So a full spectrum decarb got higher points than isolate (“decarb” just refers to the process of decarboxylation which turns raw CBD into activated CBD). We also gave more points to companies with a “broad spectrum” tincture. Broad spectrum CBD oil includes a range of other cannabinoids, but minus the THC – which is generally what people using isolates are trying to avoid.
CBD is responsible for a large bulk of the therapeutic qualities of the plant, and it has no psychotropic effects. Marijuana users who are solely interested in the medicinal value of cannabis may find CBD isolate to be an extremely appealing form of the product. If you’re looking for a CBD rich product, it intuitively makes sense to consume a product that is only CBD, right?
Most users find that regular application provides an analgesic effect that significantly reduces localized discomfort.2 Even though CBD is most often taken for pain relief, research is showing it to be beneficial in relieving, cramps, headaches, and psoriasis. CBD’s effects can increase the natural levels of pain-relieving endocannabinoids, decrease inflammatory responses, and desensitize pain receptors.2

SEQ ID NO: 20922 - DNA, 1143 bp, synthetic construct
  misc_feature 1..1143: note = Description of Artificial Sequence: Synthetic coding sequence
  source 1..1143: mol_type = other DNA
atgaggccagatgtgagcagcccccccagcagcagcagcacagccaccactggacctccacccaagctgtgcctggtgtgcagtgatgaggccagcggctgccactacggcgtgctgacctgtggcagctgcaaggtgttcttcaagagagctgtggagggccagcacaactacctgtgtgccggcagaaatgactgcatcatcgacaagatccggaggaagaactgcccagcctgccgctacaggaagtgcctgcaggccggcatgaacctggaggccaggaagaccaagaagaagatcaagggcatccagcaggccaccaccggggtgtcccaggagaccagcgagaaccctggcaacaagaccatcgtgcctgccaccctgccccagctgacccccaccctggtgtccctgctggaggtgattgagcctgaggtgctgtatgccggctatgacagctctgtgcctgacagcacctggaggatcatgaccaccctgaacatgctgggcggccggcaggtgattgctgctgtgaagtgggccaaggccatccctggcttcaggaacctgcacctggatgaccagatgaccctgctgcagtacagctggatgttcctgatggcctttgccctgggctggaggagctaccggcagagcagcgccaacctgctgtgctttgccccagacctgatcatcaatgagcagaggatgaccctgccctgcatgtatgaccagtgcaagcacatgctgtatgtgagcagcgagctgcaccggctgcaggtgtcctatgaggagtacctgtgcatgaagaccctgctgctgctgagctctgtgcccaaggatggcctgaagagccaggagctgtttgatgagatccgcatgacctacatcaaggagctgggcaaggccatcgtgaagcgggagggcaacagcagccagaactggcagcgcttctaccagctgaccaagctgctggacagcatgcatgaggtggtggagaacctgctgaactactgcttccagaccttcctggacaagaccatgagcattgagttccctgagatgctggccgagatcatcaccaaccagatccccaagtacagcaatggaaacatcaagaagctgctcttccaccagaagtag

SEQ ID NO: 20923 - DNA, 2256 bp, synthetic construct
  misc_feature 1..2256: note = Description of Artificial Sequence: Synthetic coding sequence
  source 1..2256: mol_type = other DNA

The public profile of CBD has soared in recent years, with users using it to treat all manner of ailments and conditions. It can be consumed in a variety of ways, ranging from simple oral consumption to topical use and even vaping. There are two main forms of CBD on the market. These are 'full spectrum' CBD and CBD isolate. There are a number of key differences between the two, which we will look at in this article. We will also look at methods of consumption, as this can have dramatic impact on the efficacy of CBD. As we will see, full-spectrum CBD is more popular, and for good reason, but isolate has certain benefits that might appeal to different CBD users.